« Co. Kildare Online Electronic History Journal Home »


Naas Cinemas
Part 2: The Dara Cinema
James Durney

When the Coliseum was bought by Modern Irish Theatres in 1972 the new owners wanted a different name for the cinema when it re-opened. The proprietors advertised a prize of £20 for the most appropriate title in the Leinster Leader on 12 August. The £20 prize was won jointly by Miss M. Ryan, Gransto, Ballcolla, Co. Laois and Mr R. Maguire, The Cottage, Caragh, Co. Kildare, and the new owners announced: “We wish to return our grateful thanks to the many Leinster Leader readers who suggested such a wide and interesting list of names. The Proprietors have gone right through the list and found many appropriate names. However, being situated in the Capital of Co. Kildare ‘The Dara’ seemed the most suitable and was the ultimate choice. (Lured by the prospect of easy money this author suggested ‘The Abbey’ – and you know how far that went!)
The Dara opened on Friday 1 September at 8 pm with “one of the outstanding action-adventure movies of all time ‘The Dirty Dozen’ which has been re-processed in wide screen with multi directional magnetic sound. The Film Theatre will provide cinema lovers with a new experience in luxury. It is of a modern cosy concept to which the many larger cinemas are now turning with a capacity for 440 people. The old Coliseum has been completely altered and is now fitted out to meet the most modern demands of luxury. Plush rich red velvet drapes will hang from ceiling to floor all around the theatre while the entire floor area will be carpeted in warm maroon and gold carpeting. The seating will be of plush red and all seats will have padded armrests for added comfort. The screen has been brought forward and the old ‘pit’ no longer exists. The new Vision screen is the first of its kind so far installed in the Provinces. It has a full range Panoramic vision and extends from wall to wall, ceiling to floor.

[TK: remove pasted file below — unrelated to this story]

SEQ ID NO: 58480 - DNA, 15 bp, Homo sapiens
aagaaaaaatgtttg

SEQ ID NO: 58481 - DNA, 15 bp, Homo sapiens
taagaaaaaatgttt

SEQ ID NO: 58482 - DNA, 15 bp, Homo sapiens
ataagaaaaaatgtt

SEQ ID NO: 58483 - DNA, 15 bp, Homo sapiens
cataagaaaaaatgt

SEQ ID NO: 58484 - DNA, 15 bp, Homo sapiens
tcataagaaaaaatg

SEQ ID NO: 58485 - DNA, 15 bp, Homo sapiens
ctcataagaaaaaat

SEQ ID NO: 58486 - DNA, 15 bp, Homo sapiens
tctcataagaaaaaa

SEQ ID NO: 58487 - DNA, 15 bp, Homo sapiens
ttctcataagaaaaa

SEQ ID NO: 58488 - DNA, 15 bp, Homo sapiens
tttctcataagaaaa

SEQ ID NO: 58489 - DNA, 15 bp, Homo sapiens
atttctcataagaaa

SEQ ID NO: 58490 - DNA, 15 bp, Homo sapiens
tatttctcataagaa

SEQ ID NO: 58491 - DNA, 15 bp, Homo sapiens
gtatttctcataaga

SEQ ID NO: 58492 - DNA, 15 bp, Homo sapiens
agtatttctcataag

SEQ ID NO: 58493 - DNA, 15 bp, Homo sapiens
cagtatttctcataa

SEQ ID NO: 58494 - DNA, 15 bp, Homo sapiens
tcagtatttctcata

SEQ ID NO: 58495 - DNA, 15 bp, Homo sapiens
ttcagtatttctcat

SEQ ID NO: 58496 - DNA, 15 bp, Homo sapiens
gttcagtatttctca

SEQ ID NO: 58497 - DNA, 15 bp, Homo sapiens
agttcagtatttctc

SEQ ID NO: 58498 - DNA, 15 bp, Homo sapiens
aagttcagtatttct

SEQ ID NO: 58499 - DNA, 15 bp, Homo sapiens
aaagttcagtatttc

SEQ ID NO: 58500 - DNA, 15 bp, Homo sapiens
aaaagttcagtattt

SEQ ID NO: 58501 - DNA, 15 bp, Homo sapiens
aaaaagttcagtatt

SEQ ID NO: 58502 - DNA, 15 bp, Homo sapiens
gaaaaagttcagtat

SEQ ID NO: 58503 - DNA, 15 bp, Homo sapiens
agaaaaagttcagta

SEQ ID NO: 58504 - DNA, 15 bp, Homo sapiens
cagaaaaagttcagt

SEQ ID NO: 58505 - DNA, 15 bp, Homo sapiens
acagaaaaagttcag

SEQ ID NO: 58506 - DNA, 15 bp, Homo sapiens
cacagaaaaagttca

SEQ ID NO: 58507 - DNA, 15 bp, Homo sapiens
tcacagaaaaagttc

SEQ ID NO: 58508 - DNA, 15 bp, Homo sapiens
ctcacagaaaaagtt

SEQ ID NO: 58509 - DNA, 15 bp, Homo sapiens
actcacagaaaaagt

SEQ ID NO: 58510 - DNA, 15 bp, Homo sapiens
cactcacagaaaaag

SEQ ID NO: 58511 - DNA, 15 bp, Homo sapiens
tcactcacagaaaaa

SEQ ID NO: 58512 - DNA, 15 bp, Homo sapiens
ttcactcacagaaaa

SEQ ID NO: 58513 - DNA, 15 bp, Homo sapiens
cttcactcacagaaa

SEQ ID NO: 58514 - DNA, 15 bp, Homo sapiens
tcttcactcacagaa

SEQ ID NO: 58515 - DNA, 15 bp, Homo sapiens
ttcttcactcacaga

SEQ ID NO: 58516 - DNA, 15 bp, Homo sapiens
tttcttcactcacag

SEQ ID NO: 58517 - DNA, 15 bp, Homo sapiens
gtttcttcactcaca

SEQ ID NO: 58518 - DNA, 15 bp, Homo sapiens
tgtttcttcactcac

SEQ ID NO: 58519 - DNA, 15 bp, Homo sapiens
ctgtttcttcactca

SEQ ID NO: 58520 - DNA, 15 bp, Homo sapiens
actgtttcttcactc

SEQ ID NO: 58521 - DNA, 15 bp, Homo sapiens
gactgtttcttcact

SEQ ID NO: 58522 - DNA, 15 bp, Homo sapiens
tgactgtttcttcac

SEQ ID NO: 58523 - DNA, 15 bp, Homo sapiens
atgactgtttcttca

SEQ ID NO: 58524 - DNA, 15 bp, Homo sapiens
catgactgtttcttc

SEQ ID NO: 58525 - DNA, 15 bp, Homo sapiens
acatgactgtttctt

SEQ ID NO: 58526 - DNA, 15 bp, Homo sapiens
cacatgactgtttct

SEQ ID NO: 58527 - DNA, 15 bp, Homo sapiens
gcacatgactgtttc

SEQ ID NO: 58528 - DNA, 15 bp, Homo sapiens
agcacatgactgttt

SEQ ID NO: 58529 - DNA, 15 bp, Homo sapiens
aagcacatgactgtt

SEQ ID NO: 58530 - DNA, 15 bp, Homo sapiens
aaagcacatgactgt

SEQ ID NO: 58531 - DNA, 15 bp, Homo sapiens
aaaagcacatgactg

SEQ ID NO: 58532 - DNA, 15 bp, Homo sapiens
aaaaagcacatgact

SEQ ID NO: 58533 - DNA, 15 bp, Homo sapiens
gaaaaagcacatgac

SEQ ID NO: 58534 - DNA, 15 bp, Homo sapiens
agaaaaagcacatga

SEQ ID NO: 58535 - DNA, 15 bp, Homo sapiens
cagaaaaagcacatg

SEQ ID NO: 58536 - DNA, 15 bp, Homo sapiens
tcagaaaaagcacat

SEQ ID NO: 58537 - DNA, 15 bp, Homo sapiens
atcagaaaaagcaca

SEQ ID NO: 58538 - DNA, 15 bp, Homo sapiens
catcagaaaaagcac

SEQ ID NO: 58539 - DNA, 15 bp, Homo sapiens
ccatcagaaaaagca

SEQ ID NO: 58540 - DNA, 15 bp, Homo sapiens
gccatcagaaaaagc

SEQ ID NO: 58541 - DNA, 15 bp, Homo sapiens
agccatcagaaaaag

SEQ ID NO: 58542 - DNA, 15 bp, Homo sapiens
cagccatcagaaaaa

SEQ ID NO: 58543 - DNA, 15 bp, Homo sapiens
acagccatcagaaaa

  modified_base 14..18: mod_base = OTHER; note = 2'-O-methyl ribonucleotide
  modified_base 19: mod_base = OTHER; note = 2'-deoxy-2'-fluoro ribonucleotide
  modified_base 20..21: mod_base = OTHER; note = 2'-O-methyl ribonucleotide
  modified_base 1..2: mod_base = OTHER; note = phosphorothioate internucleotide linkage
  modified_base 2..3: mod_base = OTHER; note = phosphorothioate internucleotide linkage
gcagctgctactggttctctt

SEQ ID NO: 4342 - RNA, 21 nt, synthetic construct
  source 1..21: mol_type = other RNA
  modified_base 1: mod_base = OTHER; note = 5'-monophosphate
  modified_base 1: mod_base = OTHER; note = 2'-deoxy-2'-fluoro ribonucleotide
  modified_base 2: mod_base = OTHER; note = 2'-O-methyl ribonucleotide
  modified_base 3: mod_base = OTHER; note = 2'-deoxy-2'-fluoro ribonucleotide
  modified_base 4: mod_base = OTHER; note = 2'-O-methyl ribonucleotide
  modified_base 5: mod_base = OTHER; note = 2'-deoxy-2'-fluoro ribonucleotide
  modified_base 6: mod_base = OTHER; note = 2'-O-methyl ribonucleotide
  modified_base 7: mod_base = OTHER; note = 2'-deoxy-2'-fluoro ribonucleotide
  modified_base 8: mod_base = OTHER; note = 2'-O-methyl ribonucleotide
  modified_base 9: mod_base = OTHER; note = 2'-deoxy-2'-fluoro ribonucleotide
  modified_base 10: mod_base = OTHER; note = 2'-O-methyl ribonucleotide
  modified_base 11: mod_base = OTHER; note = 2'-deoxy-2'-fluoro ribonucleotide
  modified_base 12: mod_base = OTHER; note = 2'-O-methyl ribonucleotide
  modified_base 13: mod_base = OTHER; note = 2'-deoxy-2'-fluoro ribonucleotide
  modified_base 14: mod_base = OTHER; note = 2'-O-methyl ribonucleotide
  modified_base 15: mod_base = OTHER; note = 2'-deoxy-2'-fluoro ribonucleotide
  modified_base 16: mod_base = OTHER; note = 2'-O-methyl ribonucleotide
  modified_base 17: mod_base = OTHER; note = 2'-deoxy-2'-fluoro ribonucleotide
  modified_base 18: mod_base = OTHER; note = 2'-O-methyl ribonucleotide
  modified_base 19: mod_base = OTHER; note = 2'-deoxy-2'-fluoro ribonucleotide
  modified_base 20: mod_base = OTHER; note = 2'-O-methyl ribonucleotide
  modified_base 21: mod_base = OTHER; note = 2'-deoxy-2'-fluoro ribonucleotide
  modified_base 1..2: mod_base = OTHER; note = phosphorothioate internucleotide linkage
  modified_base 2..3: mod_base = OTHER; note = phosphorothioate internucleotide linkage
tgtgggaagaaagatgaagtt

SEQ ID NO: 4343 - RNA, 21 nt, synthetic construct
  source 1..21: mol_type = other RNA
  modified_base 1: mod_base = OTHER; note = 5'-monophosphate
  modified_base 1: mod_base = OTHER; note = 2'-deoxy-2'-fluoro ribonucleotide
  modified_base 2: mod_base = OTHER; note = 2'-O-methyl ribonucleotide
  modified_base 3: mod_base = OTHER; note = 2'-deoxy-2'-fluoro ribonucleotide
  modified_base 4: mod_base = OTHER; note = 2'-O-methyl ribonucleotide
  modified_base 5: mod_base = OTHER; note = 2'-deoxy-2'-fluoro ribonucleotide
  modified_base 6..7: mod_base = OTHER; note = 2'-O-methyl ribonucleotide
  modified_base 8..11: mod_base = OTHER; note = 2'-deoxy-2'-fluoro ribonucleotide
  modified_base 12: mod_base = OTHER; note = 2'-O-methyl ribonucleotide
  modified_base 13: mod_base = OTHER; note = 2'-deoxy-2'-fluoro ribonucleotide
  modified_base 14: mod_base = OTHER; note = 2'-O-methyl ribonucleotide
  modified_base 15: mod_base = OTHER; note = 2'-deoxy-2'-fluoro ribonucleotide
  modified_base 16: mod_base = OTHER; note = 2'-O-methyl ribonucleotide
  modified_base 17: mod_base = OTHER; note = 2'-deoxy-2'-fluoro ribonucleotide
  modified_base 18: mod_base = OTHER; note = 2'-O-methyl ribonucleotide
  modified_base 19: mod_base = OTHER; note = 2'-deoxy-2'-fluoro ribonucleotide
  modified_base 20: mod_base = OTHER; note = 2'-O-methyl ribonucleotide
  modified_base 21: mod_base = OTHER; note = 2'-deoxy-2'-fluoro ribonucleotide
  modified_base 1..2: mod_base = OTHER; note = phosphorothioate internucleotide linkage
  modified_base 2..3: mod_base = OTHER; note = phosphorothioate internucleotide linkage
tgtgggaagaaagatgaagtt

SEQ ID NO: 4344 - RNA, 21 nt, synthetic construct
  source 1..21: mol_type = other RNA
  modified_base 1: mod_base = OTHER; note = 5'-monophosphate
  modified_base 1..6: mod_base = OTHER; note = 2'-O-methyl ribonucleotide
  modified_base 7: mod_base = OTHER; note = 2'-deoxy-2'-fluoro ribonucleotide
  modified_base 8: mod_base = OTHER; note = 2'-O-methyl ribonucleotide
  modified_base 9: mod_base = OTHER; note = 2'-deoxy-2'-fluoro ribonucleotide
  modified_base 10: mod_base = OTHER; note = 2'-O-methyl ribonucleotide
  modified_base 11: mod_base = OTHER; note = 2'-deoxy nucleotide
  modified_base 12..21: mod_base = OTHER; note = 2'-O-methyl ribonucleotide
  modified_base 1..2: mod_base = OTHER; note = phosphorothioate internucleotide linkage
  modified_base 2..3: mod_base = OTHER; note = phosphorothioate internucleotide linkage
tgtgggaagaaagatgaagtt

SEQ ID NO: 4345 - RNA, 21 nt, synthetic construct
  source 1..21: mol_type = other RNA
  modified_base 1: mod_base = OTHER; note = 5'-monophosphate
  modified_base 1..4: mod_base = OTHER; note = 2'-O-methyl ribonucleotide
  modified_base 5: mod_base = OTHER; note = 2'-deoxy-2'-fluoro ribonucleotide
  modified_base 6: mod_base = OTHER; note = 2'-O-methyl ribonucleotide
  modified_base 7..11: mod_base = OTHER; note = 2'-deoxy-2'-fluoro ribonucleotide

“Only the top professional people were entrusted with the transformation of the old Coliseum to the new super luxury Dara. The McGoff Brothers carried out all the main contracting work. Additional carpentry work by Patrick Keane. Outside painting by Brinsley Sheridan and all electrical work was handled by John Mahon. Total cost of the renovations and new equipment has totalled £12,000.”
Paddy Melia, Kilcullen, was the Dara’s Managing Director, while John Mahon continued as the projectionist and house manager. Cine hostesses were: Anne Gunning, Geraldine Wilson and Francis Maher. (The cine hostess uniform was like that of an air hostess, complete with cap and fashionable mini-skirt.) Prices, all parts, were 40p. Matinees: children 20p and 15p.
David Lean’s controversial masterpiece ‘Ryan’s Daughter’ opened in the Dara on 4 September and there were queues for weeks. The Dara also introduced late shows on Friday and Saturday nights and the following year opened a ‘Dara 2,’ with seating for 100. This closed after a short time, and became a poolroom. In 1980 the cinema again went through a change when it was made part of a new shopping complex with the cinema on the top floor. The Dara 2 experiment was repeated in 1989 when a small theatre was opened to cope with increasing crowds.
Fran McCormack, Kildare, took over the Dara in September 2003 and introduced many new concepts. Sadly that great institution of entertainment, the Dara Cinema, closed its doors on Thursday 8 February 2007. The last movies screened were ‘Goal 2’ and ‘Infamous.’

To coincide with the cinema exhibition in Naas Library during Heritage Week we reproduce an article from the Nationalist on Naas Cinemas of old

Powered by
Movable Type 3.2